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  • The Drama of the Assimilated Jew: Giorgio Bassani’s Romanzo di Ferrara by Lucienne Kroha
  • Daniel R. Schwarz
Lucienne Kroha. The Drama of the Assimilated Jew: Giorgio Bassani’s Romanzo di Ferrara. University of Toronto Press 2013. x, 313. $76.00

As someone who has written about Giorgio Bassani (1916–2000)5 and who believes that he is an important literary figure who has been neglected in North America, I welcome Lucienne Kroha’s erudite, insightful, and readable study. Bassani’s major work includes Five Stories of Ferrara (1956; reissued in 1973 as Inside the Wall), for which he won the prestigious Strega Prize; The Gold-Rimmed Eyeglasses (1958); The Garden of the Finzi-Continis (1962); Behind the Door (1964); The Heron (1968); and The Smell of Hay (1972) (which includes The Gold-Rimmed Eyeglasses). Bassani brought all his fiction together under the title Romanzo di Ferrara, which translates as “Novel of Ferrara.” Interlocking characters and events make his oeuvre one coherent text.

Bassani created a unique imagined world that crystallized important ingredients of twentieth-century Italian history. Understanding Bassani means understanding Jewish history in Italy and most especially in the provincial city of Ferrara. Until the 1938 racial laws, many Jews (including Bassani’s own family)—very proud of their citizenship and integrated into society—supported Benito Mussolini and his Fascism. This had begun to change a few years earlier, after Adolf Hitler and Mussolini became allies in 1936 and Jews began to be attacked in the press.

Bassani was quite proud that he joined the Resistance before the racial laws were passed. After the war he refused to forget what had happened to the Jews or to join those Jews who thought it was best to reintegrate into society as if the past were the past. By contrast, Bassani had a passionate desire to investigate and relate what happened to the Jews of Ferrara from the perspective of an insider who was one of them.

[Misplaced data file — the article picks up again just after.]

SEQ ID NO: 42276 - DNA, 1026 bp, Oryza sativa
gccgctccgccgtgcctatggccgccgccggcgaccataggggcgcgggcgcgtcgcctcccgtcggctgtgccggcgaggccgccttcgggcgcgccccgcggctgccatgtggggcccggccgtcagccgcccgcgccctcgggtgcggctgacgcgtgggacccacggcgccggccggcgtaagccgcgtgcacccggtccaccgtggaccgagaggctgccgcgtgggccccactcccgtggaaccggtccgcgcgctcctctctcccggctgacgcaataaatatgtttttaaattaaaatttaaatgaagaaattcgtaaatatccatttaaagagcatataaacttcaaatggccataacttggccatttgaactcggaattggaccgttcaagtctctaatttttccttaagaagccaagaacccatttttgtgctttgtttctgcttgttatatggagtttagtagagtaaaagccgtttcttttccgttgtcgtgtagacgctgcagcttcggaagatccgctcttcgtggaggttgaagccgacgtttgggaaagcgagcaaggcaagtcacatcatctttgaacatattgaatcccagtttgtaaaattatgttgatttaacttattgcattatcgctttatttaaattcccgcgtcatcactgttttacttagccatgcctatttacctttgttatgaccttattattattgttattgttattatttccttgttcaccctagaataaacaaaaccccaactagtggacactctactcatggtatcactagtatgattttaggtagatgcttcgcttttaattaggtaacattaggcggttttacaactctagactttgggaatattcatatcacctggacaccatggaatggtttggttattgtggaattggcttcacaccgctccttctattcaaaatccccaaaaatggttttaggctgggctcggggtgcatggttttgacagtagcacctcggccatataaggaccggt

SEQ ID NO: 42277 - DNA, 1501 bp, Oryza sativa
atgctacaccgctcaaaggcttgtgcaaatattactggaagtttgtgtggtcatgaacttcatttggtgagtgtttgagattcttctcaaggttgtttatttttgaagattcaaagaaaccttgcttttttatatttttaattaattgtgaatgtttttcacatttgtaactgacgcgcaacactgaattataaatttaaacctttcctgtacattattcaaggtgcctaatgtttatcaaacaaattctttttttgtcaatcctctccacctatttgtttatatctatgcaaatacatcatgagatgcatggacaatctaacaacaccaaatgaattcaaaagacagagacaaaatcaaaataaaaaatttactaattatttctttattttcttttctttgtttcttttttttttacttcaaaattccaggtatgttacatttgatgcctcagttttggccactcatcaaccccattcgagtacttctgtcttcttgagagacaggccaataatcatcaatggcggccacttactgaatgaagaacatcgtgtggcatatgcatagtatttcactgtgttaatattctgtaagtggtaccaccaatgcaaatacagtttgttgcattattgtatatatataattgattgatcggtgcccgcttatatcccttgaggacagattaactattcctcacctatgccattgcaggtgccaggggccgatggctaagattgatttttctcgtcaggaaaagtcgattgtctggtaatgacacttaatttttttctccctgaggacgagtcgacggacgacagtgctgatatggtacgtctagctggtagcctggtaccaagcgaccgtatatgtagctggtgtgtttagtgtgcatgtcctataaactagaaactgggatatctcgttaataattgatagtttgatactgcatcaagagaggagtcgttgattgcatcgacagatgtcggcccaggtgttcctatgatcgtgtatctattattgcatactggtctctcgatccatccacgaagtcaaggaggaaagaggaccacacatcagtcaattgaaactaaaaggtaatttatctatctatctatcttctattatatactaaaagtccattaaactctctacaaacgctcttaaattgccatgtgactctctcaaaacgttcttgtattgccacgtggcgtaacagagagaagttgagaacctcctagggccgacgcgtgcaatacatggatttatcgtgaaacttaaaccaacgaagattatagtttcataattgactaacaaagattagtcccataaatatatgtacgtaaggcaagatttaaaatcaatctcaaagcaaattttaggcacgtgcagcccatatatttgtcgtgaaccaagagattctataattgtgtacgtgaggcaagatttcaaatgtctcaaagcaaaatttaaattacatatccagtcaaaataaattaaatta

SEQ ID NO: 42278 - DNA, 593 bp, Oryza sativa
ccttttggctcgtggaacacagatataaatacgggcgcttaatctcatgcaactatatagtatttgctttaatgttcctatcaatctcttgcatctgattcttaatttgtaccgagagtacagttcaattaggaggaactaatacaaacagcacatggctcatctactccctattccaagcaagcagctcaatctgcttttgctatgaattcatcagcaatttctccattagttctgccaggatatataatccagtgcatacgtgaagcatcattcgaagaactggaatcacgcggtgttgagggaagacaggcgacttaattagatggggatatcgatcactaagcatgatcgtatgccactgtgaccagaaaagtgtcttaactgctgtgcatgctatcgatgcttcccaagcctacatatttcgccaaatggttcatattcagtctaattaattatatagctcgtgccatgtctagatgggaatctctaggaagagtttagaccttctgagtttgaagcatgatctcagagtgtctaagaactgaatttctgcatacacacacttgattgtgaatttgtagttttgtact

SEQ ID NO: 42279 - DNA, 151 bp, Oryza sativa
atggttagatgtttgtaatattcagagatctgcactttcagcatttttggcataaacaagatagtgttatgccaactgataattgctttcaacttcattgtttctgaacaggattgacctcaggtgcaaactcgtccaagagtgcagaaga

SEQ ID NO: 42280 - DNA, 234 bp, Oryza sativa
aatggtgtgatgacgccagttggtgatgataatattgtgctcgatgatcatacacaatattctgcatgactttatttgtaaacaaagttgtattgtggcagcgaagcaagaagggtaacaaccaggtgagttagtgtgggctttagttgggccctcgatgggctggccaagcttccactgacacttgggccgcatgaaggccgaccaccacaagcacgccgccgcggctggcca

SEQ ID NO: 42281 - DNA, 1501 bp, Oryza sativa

A Jewish Italianist who lost family in the Holocaust, Kroha stresses Bassani’s fiction as an expression of his psyche and zeitgeist. Kroha examines his fictional chronological order to establish themes and patterns. [End Page 411] Despite Kroha’s chronological approach, she is something of a phenomenologist in her search for essential recurring themes underlying the work.

Kroha’s most compelling sources are often Bassani’s own comments—in letters, interviews, and essays—that put his fiction into context. That she quotes sources in both Italian and English is very helpful for the English reader, although she might also have provided English titles for the fiction, perhaps in the “Preface and Note on Translations.”

Bassani is an ironist. Whether identified by name or anonymous, Bassani’s Jewish narrators and characters are often surrogates and metaphors for himself, as much in replicating feelings and attitudes—especially detachment, estrangement, shame, guilt, and embarrassment—as in referring to actual facts. Whether in the guise of first-person or third-person narrators, Bassani creates a world-weary voice that is often distant and clinically detached, as if he would be surprised at nothing; he is skeptical, if not cynical about human motives and the possibility of self-knowledge. He is under few illusions about the mediocre nature of most humankind, although his disdain for the lies we tell our selves and his for contempt for bullies are mitigated by pity for victims.

While Kroha claims to stress Bassani’s Jewish contexts, she often narrows that focus to what it is to be Jewish in a Christian world. Thus, we really don’t learn much about Bassani’s Jewishness—his education, sense of tradition, and beliefs—and the ways the Jewish milieu in Ferrara shaped him.

Given Bassani’s Italian-Jewish background and focus, I question Kroha’s stress on the German-Jewish experience that is so different, as Primo Levi reminds us in the first chapter of The Periodic Table, from that of various strands of Sephardic and Italian Jewry. Kroha argues that Bassani draws on Friedrich Nietzsche, for “self-overcoming … finding one’s own voice” and for regarding Jews as weak and feminine; Sigmund Freud, for regarding Bassani as an emasculated Jewish male suffering...


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pp. 411-413
Launched on MUSE
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